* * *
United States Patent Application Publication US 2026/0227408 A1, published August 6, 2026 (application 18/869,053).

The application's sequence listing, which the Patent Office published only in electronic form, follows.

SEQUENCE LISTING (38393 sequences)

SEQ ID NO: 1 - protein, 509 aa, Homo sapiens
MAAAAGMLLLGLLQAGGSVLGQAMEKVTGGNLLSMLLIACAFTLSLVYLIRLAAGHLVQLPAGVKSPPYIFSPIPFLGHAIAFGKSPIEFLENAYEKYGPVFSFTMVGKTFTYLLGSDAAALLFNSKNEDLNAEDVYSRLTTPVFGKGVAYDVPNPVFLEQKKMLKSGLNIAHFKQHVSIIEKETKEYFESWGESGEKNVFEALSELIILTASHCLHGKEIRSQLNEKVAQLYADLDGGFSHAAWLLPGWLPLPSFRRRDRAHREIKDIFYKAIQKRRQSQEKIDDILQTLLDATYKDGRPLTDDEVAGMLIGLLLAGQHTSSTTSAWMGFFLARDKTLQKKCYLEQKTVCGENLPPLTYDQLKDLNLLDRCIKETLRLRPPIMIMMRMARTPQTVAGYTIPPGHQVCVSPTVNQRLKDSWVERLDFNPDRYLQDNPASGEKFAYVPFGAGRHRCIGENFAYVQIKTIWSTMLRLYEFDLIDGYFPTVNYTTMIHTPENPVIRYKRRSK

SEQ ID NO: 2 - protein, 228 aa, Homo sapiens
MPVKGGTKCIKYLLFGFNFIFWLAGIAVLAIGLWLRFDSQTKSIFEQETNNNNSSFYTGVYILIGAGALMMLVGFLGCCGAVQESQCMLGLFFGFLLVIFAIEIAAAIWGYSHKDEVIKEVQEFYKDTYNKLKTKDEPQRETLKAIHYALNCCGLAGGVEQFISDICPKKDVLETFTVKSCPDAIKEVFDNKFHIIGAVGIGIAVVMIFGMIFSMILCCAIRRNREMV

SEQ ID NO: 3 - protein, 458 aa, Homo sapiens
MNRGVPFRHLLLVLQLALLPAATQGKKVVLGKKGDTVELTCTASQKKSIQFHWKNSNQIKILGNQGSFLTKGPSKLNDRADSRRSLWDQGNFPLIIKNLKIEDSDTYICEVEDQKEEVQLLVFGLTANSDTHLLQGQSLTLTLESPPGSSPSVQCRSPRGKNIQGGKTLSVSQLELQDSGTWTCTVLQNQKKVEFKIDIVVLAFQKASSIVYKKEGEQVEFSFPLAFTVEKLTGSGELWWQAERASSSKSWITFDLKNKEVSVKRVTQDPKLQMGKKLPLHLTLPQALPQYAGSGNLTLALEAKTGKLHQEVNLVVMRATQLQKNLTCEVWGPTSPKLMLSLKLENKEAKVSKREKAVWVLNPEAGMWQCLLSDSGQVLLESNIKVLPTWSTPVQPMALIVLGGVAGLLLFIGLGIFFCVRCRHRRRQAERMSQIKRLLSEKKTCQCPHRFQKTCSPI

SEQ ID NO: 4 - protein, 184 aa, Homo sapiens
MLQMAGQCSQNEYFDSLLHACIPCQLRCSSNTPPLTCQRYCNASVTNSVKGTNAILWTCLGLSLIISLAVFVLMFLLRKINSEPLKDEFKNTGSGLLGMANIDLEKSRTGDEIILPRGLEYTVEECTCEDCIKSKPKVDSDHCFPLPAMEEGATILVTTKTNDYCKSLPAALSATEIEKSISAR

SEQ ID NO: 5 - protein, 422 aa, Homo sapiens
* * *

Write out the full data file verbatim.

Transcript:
United States Patent Application Publication US 2026/0227408 A1, published August 6, 2026 (application 18/869,053).

The application's sequence listing, which the Patent Office published only in electronic form, follows.

SEQUENCE LISTING (38393 sequences)

SEQ ID NO: 1 - protein, 509 aa, Homo sapiens
MAAAAGMLLLGLLQAGGSVLGQAMEKVTGGNLLSMLLIACAFTLSLVYLIRLAAGHLVQLPAGVKSPPYIFSPIPFLGHAIAFGKSPIEFLENAYEKYGPVFSFTMVGKTFTYLLGSDAAALLFNSKNEDLNAEDVYSRLTTPVFGKGVAYDVPNPVFLEQKKMLKSGLNIAHFKQHVSIIEKETKEYFESWGESGEKNVFEALSELIILTASHCLHGKEIRSQLNEKVAQLYADLDGGFSHAAWLLPGWLPLPSFRRRDRAHREIKDIFYKAIQKRRQSQEKIDDILQTLLDATYKDGRPLTDDEVAGMLIGLLLAGQHTSSTTSAWMGFFLARDKTLQKKCYLEQKTVCGENLPPLTYDQLKDLNLLDRCIKETLRLRPPIMIMMRMARTPQTVAGYTIPPGHQVCVSPTVNQRLKDSWVERLDFNPDRYLQDNPASGEKFAYVPFGAGRHRCIGENFAYVQIKTIWSTMLRLYEFDLIDGYFPTVNYTTMIHTPENPVIRYKRRSK

SEQ ID NO: 2 - protein, 228 aa, Homo sapiens
MPVKGGTKCIKYLLFGFNFIFWLAGIAVLAIGLWLRFDSQTKSIFEQETNNNNSSFYTGVYILIGAGALMMLVGFLGCCGAVQESQCMLGLFFGFLLVIFAIEIAAAIWGYSHKDEVIKEVQEFYKDTYNKLKTKDEPQRETLKAIHYALNCCGLAGGVEQFISDICPKKDVLETFTVKSCPDAIKEVFDNKFHIIGAVGIGIAVVMIFGMIFSMILCCAIRRNREMV

SEQ ID NO: 3 - protein, 458 aa, Homo sapiens
MNRGVPFRHLLLVLQLALLPAATQGKKVVLGKKGDTVELTCTASQKKSIQFHWKNSNQIKILGNQGSFLTKGPSKLNDRADSRRSLWDQGNFPLIIKNLKIEDSDTYICEVEDQKEEVQLLVFGLTANSDTHLLQGQSLTLTLESPPGSSPSVQCRSPRGKNIQGGKTLSVSQLELQDSGTWTCTVLQNQKKVEFKIDIVVLAFQKASSIVYKKEGEQVEFSFPLAFTVEKLTGSGELWWQAERASSSKSWITFDLKNKEVSVKRVTQDPKLQMGKKLPLHLTLPQALPQYAGSGNLTLALEAKTGKLHQEVNLVVMRATQLQKNLTCEVWGPTSPKLMLSLKLENKEAKVSKREKAVWVLNPEAGMWQCLLSDSGQVLLESNIKVLPTWSTPVQPMALIVLGGVAGLLLFIGLGIFFCVRCRHRRRQAERMSQIKRLLSEKKTCQCPHRFQKTCSPI

SEQ ID NO: 4 - protein, 184 aa, Homo sapiens
MLQMAGQCSQNEYFDSLLHACIPCQLRCSSNTPPLTCQRYCNASVTNSVKGTNAILWTCLGLSLIISLAVFVLMFLLRKINSEPLKDEFKNTGSGLLGMANIDLEKSRTGDEIILPRGLEYTVEECTCEDCIKSKPKVDSDHCFPLPAMEEGATILVTTKTNDYCKSLPAALSATEIEKSISAR

SEQ ID NO: 5 - protein, 422 aa, Homo sapiens